June 03, 2020
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With Jharkhand Loss, BJP's Footprint On Indian Map Reduces To Half

When the BJP came to power at the Centre in 2014, it commanded just seven states. Riding on a Modi wave, the party had won as many as 21 states by 2018.

With Jharkhand Loss, BJP's Footprint On Indian Map Reduces To Half
A map showing the shrinking footprint of the Bharatiya Janata Party (BJP).
With Jharkhand Loss, BJP's Footprint On Indian Map Reduces To Half
outlookindia.com
2019-12-24T09:45:38+0530

The Bharatiya Janata Party, which swooped state after state following a huge mandate in 2014 Lok Sabha elections, has seen its footprints shrink in 2019.

With Jharkhand on Monday, the saffron party has lost five key states in the past 12 months.

When the BJP came to power at the Centre in 2014, it commanded just seven states. Riding on a Modi wave, the party, then, won as many as 21 states by 2018.

It made inroads into non-NDA citadels -- from Jammu and Kashmir to Assam -- the BJP managed to leave its mark.

Then came December 2018. The BJP-led governments faced defeat in Madhya Pradesh, Chhattisgarh and Rajasthan, weakening the party's grip over the Hindi heartland.

The saffron footprint shrunk further when the BJP-PDP coalition government in Jammu and Kashmir -- an alliance that cost the PDP dearly -- collapsed in 2018. In Andhra Pradesh, its ties with TDP broke off, thus, downsizing its shadow over the landscape even more.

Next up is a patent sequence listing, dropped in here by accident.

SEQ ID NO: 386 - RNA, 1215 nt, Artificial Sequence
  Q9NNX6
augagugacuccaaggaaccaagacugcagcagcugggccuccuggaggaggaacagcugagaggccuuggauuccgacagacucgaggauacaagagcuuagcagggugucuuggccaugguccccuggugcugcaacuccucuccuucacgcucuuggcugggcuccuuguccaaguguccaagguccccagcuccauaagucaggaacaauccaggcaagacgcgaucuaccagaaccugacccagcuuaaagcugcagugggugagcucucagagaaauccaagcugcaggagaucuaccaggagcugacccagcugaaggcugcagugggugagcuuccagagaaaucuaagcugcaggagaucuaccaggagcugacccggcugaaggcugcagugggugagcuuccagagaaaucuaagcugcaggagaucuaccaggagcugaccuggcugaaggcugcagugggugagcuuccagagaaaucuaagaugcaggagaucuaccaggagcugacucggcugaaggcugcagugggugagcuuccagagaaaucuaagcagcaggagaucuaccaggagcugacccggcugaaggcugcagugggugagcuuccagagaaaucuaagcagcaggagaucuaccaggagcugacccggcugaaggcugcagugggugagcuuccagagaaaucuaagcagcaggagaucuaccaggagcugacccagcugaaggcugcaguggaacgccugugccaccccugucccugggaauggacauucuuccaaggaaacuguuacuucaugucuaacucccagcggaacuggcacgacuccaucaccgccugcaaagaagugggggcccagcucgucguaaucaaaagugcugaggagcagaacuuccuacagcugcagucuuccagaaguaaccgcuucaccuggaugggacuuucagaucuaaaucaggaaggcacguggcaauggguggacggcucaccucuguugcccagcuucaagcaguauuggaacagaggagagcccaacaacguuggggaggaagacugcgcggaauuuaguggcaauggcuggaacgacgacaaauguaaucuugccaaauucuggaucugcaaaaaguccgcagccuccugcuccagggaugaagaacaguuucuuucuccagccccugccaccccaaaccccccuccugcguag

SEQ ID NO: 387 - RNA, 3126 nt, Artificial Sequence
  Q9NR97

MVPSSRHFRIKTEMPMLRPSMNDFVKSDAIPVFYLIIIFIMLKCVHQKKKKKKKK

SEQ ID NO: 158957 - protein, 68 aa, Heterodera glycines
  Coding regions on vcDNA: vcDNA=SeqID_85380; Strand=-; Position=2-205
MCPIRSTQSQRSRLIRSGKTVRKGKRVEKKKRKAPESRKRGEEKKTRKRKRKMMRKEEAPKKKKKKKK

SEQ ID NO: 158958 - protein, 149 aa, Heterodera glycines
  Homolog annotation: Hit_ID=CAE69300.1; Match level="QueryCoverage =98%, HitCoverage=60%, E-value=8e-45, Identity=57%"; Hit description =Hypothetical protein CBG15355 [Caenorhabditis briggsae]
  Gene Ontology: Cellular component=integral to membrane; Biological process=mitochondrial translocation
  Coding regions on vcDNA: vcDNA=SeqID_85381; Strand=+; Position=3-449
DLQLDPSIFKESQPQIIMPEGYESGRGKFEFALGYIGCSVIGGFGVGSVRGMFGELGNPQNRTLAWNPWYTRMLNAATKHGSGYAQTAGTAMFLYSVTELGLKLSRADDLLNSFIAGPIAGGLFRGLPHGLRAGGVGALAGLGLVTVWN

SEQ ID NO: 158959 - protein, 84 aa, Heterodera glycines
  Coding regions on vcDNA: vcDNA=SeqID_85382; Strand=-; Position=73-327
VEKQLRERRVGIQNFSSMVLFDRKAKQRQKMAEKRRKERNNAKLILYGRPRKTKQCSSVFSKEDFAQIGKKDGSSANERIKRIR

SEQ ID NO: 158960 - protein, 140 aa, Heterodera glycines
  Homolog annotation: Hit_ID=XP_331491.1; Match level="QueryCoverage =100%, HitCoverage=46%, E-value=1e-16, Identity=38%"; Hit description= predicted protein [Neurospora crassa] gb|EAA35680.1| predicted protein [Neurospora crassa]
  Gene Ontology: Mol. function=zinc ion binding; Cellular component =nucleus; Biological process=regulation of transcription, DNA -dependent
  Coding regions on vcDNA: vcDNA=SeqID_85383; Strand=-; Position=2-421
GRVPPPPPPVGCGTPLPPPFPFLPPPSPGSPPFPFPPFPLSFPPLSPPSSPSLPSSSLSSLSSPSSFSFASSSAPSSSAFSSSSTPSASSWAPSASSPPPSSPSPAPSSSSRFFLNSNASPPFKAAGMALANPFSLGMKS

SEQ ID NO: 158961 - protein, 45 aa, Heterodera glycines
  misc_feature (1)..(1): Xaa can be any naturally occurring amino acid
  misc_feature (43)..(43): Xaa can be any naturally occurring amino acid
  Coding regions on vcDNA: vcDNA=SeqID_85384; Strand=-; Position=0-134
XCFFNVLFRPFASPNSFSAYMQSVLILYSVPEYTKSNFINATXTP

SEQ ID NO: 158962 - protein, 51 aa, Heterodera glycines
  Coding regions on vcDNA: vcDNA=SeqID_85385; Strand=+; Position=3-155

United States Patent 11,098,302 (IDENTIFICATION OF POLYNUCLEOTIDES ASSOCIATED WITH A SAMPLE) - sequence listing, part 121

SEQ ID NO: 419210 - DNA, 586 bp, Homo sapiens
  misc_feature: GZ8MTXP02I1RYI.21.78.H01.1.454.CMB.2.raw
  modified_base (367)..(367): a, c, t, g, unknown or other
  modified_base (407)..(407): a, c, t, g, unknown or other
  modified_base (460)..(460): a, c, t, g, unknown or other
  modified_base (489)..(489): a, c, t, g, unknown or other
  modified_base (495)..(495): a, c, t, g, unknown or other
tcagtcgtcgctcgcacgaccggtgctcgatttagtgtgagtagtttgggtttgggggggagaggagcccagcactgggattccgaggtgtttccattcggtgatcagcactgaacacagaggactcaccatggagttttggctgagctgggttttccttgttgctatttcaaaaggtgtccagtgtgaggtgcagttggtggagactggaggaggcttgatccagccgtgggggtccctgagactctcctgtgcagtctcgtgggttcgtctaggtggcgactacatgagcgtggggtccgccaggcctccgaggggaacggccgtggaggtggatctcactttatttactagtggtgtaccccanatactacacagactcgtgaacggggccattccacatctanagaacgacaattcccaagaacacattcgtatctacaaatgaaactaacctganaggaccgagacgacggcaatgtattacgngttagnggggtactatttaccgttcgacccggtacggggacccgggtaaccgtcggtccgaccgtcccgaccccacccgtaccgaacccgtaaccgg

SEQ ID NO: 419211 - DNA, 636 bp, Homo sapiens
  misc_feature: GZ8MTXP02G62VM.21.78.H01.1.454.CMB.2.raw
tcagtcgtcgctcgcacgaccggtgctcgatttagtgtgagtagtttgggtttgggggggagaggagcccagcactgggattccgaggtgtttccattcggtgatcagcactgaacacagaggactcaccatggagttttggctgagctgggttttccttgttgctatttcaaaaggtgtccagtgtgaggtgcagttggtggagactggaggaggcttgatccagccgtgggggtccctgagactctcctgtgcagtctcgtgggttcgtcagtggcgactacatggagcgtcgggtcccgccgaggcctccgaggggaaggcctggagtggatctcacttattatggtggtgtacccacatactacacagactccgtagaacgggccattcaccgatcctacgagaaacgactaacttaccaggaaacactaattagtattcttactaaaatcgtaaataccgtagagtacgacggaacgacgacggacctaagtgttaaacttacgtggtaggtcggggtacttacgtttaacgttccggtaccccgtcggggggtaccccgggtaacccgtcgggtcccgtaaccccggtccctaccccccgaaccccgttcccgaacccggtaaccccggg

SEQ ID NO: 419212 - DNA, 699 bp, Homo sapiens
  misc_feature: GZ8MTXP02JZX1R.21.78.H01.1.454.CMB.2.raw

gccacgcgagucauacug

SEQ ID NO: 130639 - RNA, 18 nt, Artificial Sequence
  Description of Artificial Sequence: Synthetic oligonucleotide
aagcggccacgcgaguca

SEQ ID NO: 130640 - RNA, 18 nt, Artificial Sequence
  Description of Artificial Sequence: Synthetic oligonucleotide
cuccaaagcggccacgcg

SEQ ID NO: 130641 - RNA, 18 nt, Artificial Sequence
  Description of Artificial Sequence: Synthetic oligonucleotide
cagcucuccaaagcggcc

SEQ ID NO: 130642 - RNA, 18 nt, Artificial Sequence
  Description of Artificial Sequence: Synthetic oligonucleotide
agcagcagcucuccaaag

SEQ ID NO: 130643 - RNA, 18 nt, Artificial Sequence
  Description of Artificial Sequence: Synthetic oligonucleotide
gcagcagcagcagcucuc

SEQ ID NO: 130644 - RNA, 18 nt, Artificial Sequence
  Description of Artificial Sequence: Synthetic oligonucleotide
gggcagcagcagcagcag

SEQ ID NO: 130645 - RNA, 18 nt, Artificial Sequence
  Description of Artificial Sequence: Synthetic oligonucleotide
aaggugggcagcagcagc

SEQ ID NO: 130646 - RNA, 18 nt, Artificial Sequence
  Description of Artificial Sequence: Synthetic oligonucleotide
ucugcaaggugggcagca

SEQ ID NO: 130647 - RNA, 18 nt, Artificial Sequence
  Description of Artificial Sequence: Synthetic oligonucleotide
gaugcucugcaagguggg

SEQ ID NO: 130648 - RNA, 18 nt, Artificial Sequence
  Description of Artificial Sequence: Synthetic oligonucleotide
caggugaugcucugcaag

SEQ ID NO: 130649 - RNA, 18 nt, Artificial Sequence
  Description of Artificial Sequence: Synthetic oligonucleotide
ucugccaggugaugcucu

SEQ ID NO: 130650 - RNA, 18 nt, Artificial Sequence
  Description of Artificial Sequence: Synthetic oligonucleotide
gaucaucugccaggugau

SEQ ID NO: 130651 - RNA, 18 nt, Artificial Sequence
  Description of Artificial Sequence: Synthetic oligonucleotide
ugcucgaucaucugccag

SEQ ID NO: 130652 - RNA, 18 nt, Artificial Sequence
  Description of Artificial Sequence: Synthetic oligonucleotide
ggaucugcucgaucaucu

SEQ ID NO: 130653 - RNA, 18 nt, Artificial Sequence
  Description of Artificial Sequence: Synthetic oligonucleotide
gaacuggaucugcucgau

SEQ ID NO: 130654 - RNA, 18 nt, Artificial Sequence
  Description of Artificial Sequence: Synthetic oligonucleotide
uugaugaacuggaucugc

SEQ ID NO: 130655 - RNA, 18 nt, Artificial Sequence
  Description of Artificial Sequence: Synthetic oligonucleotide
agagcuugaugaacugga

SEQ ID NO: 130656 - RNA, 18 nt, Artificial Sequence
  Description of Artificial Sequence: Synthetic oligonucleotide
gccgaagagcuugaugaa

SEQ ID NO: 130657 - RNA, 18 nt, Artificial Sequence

Even Karnataka put the BJP’s strength to test when B.S. Yediyurappa had to resign after four days as Chief Minister in 2018. Almost a year later, it took the BJP 'Operation Kamala' to topple to Congress-JD(S) coalition government and return to power.

Though the BJP returned to power at the Centre with a bigger mandate in May 2019, the performance could not be mirrored in the states.

In Maharashtra and Haryana assembly elections in October, the BJP saw a dip in its seat share. In Haryana, its seat share dropped to 40. The party had won 47 seats in previous elections in 2014, according to the Election Commission. That came as a huge disappointment for former Chief Minister Manohar Lal Khattar who aimed at "Abki Baar 75 paar".

Nonetheless, BJP formed the government in Haryana but not without the support of JJP leader Dushyant Chautala and some political drama.

In Maharashtra, home to its Hindutva ideologue RSS, the number of seats for the BJP dropped from 122 in 2014 to 105 in recent elections.

In the power tussle that followed the poll results, BJP tried everything to retain the state -- even a hush-hush government formation that lasted not more than three days -- but nothing paid off.

With BJP losing its command over Maharashtra, the party’s footprints significantly shrunk. From 22 states in 2017, the party was left with 17.

Losing Madhya Pradesh, Rajasthan and Chhattisgarh -- three large states and its strongholds -- in one go was a tremendous loss.

But of all, Maharashtra was a major blow, for as the BJP lost both the state as well as a protracted political battle.

As BJP faced a staggering defeat in Jharkhand, the party is now left with 16 states.

It now governs 35 per cent of the country's landmass in comparison to over 71 per cent in 2017 when it hit the peak of its popularity.

BJP's defeat in five states within a year, despite fulfiling some of the key promises it made in its 2019 Lok Sabha manifesto -- abrogation of Article 370, Citizenship (Amendment) Act and Ram Mandir -- indicates, once again, that it's the local issues that decide the fate of an election.

The people seem to have rejected the national narrative built by the BJP in the state over the issues of Article 370, the Citizenship Amendment Act and the NRC.

The Modi Wave, too, has not been enough to cajole the voters. In a tribal state, again, it has been the local call.

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